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Bay Bridge


Oakland, California

The San Francisco Bay Area is lucky enough to have two internationally renowned bridges. The new Bay Bridge East Span, a $6.4 billion project, replaced a seismically unstable bridge. It has the world’s largest self-anchored suspension span, a 2,047-foot span anchored by a single 525-foot-tall tower that holds a single mile-long main cable containing 17,399 steel wire strands.


State Route 520 Floating Bridge


Seattle, Washington

The world’s longest floating bridge was upstaged in April 2016 when the brand-new State Route 520 Floating Bridge replaced it. The new span, which runs just a few feet to the north of the old Seattle bridge, spans 7,710 feet across Lake Washington and five vehicle lanes wide. The new bridge uses 77 concrete pontoons as the foundation; the weight of the water displaced by the pontoons equals the weight of the structure, allowing it to float. The roadway is elevated 20 feet above the water. A total of 58 anchors secure the bridge.


Pont Jacques Chaban-Delmas


Bordeaux, France

The longest vertical-lift bridge in Europe, at 2,200 feet, has the architectural feat of lifting 252 feet over the Garonne River in Bordeaux, France. The four slender pylons that serve as the vehicle for the vertical lift will light up to signify the current tide—blue for high tide and green for low tide.


Helix Bridge



Inspired by the shape of DNA, the Helix Bridge offers Singapore pedestrians 918 feet of architectural intrigue and artistic expression. The bridge in Marina Bay uses multiple styles of steel to curve and sweep, opening up at five points for viewing platforms. The steel tubes serve as the visual spectacle. If straightened and laid end to end, they would stretch 7,380 feet.


Nanpu Bridge


Shanghai, China

The Nanpu Bridge features an impressive seven-lane, 2,500-foot cable-stay component over the Huangpu River. But honestly, it’s the four miles of bridge that doesn’t cross the river that offers the most intrigue. A circular elevated approach stretches from land and wraps up, bringing vehicles to the height of the crossing in the midst of the heavily congested downtown Shanghai.


Tower Bridge


London, U.K.

Tower Bridge opened in 1894 on the east side of London after an eight-year project to construct a bridge across the Thames. It’s one bridge in two styles—suspension and bascule. The 213-foot-tall towers on either end of a 200-foot central lift span suspend the bridge to the shore on either side, while serving as the foundation for the bascule span that can raise and lower for ship traffic.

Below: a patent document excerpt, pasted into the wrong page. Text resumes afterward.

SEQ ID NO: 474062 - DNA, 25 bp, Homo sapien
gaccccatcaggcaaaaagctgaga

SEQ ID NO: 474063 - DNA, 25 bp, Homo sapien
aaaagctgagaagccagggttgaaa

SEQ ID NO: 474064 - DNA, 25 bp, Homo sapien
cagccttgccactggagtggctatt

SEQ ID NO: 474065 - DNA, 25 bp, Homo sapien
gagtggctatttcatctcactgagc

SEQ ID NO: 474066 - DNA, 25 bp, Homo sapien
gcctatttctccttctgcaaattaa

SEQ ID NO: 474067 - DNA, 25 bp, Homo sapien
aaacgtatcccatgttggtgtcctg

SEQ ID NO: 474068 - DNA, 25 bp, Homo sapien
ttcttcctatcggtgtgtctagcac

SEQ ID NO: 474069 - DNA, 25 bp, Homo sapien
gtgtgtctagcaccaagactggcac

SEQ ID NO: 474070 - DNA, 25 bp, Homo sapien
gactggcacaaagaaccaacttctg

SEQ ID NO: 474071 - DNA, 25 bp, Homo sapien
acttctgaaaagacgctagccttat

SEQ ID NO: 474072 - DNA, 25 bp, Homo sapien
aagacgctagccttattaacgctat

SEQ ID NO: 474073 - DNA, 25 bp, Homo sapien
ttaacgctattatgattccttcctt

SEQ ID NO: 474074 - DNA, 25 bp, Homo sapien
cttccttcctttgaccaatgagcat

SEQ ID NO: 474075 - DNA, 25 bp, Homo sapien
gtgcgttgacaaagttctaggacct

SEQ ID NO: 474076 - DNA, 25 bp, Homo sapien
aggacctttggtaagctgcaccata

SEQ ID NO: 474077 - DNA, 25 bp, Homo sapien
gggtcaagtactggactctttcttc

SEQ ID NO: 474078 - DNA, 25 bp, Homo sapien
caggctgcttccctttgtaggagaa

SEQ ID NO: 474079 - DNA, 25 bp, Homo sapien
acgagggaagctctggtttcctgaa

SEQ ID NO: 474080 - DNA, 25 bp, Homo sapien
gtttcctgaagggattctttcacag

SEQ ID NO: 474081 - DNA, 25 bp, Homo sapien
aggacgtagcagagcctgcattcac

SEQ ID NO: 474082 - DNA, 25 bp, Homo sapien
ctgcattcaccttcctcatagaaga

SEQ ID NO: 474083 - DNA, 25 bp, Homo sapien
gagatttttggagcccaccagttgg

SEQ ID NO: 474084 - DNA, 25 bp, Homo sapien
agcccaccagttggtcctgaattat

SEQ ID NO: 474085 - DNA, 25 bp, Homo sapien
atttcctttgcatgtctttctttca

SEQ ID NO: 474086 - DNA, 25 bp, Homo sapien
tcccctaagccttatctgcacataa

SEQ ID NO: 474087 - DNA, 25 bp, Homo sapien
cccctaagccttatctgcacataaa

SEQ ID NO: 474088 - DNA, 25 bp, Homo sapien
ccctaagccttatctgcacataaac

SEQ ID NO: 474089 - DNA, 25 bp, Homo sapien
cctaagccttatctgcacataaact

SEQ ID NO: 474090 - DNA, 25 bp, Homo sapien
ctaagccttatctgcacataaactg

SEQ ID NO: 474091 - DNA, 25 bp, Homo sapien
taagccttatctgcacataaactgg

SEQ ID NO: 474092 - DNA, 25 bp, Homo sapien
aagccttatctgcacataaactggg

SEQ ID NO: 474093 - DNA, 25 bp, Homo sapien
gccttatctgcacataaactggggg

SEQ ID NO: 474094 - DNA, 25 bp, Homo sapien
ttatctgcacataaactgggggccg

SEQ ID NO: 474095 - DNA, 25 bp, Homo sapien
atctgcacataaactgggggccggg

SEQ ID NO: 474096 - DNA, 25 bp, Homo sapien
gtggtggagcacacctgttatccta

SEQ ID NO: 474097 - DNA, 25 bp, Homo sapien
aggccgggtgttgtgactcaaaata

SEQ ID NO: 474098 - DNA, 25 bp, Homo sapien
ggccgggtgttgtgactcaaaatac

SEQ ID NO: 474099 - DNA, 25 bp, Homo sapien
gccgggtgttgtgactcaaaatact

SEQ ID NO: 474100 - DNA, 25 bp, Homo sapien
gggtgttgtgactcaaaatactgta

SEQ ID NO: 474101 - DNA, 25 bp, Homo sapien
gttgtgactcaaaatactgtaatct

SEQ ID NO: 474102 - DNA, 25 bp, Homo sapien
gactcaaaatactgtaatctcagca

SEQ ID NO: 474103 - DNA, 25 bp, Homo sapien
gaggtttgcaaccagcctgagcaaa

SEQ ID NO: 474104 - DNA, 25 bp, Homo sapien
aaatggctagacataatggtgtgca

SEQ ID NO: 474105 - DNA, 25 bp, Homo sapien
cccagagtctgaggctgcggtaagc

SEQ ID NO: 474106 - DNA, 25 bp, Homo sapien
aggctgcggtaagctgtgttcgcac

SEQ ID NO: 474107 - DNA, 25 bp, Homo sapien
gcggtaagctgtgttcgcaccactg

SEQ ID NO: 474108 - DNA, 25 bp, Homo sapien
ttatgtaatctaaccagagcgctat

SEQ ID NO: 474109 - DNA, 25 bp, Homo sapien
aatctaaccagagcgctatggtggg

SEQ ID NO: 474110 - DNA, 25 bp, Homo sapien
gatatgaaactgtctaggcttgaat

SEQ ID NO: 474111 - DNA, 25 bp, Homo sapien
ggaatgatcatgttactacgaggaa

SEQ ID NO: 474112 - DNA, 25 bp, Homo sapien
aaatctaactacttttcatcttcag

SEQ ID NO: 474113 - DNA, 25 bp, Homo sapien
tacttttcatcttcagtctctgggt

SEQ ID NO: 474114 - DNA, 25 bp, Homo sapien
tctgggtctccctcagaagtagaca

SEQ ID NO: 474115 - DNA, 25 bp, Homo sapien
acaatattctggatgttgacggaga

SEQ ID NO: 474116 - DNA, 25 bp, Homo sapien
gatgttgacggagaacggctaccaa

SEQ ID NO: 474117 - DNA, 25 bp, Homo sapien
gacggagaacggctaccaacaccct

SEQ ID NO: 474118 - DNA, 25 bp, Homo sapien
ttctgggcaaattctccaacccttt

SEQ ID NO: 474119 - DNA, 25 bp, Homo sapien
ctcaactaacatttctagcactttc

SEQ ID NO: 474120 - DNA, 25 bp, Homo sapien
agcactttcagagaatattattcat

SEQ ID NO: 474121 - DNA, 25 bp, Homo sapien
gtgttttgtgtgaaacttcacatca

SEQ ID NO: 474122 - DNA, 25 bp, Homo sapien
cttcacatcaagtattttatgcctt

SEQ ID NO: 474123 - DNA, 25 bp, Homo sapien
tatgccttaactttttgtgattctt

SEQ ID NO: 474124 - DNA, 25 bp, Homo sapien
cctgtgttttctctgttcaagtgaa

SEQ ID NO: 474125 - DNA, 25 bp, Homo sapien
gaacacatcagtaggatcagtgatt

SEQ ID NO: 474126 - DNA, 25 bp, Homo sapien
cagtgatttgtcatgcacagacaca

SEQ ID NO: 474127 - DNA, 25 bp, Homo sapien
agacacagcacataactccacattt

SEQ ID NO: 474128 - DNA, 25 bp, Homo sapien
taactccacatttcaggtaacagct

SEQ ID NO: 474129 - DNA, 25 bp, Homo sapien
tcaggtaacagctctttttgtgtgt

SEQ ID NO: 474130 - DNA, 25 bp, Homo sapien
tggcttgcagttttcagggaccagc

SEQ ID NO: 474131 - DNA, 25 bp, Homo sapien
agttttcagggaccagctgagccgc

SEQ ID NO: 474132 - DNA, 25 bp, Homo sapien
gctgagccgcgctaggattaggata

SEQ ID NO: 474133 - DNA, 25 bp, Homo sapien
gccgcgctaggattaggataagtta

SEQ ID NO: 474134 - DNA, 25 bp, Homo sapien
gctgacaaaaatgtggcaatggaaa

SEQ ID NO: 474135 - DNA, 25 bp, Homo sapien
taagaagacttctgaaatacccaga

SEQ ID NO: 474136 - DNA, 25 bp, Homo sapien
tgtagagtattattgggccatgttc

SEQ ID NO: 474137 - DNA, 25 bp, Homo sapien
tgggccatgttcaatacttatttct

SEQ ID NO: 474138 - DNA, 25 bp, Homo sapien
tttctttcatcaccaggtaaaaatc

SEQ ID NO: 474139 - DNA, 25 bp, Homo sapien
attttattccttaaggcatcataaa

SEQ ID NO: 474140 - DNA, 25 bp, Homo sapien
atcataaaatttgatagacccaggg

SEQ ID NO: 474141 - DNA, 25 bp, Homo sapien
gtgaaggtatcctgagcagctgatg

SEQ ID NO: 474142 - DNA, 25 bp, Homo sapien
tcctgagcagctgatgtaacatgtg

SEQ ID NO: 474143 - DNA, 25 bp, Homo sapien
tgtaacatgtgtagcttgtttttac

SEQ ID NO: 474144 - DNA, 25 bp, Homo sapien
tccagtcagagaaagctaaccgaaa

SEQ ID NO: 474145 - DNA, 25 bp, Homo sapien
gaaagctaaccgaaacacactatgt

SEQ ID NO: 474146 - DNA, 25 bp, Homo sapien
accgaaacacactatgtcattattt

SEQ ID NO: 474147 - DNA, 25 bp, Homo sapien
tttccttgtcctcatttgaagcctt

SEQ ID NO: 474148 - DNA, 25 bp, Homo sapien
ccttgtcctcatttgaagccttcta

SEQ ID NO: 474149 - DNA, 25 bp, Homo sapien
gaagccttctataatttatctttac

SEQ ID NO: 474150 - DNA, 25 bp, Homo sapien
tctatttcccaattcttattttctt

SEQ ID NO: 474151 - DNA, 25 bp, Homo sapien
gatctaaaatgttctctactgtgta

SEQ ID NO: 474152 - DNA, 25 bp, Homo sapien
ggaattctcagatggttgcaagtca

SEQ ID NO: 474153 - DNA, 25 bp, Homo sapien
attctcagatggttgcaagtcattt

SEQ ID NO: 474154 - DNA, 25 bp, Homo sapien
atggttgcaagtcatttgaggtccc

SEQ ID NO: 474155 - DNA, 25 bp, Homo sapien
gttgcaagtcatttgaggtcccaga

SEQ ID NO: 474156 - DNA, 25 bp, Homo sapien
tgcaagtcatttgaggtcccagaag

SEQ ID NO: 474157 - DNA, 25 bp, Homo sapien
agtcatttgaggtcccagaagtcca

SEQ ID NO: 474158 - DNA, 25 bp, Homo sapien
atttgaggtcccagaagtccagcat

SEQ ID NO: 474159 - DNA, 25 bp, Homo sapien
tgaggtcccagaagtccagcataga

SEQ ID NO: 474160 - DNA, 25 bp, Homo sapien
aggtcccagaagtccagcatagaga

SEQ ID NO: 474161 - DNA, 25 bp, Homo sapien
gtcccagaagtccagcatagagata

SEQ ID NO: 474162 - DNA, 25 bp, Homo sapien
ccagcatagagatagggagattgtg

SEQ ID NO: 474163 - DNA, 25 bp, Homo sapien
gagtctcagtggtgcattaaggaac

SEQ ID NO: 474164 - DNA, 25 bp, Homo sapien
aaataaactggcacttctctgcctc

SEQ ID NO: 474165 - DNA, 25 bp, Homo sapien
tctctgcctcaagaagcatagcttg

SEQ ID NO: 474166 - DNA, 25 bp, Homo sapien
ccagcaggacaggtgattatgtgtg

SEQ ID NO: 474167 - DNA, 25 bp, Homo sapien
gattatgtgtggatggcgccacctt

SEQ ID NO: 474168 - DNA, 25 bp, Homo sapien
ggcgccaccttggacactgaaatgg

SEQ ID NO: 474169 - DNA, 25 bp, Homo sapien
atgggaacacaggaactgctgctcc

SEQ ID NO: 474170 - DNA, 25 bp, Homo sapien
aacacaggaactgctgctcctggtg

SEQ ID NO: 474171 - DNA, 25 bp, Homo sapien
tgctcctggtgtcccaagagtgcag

Capilano Cliffwalk


North Vancouver, British Columbia

Next door to the historic Capilano Suspension Bridge, the Cliffwalk opened in 2011 with 700 feet of bridge hanging off a cliff about 230 feet above a canyon. The bridge can handle 100,000 pounds of weight while anchored to the cliff’s walls. To make the natural Capilano River canyon even more impressive, sections of the Cliffwalk feature glass-bottom walkways. Not for the faint of heights.


Russky Bridge


Russky Island, Russia

Completed in 2012, the 1,053-foot-tall structure became the world’s longest cable-stayed bridge at more than 10,000 feet long, and it has the second-highest pylons (following the Millau Viaduct) in the world. Just don’t plan on ever needing to cross the Russky Bridge in your lifetime—it’s located in a rural area of southeastern Russia near North Korea, China, and Japan.


Charles Bridge


Prague, Czech Republic

Stone, old, and impressive. The Charles Bridge in Prague crosses the Vltava River in all its Gothic glory. What started in 1357 as a major construction project ended in the early 1400s with a 2,037-foot stone arch bridge connecting Old Town to the Prague Castle area in the Lesser Quarter with 16 arches and an additional 30 decorative statues.


Tilikum Crossing


Portland, Oregon

The first new crossing over Portland’s Willamette River since 1973, 1,700-foot Tilikum Crossing opening in September 2015. The structure is remarkable not only for the slender design, with 110.5-foot towers that flow down to the five spans, but also because of what you won’t find on the bridge: cars. It’s not easy to build a big infrasturcture project in America, much less one that turns away drivers. But only light rail, streetcar, buses, pedestrians, and cyclists are welcome here.


Hangzhou Bay Bridge


Jiaxing, China

Easily one of the longest trans-oceanic bridges in the world at over 21 miles, the Hangzhou Bay Bridge features cable-stayed sections while connecting Jiaxing and Ningbo across the Hangzhou Bay in eastern China. Opened in 2008, the bridge curves across the water in nine sections—two of them cable-stayed sections. The concrete and steel bridge includes a service center at roughly the midpoint, including a fuel station, restaurant, hotel, and conference center.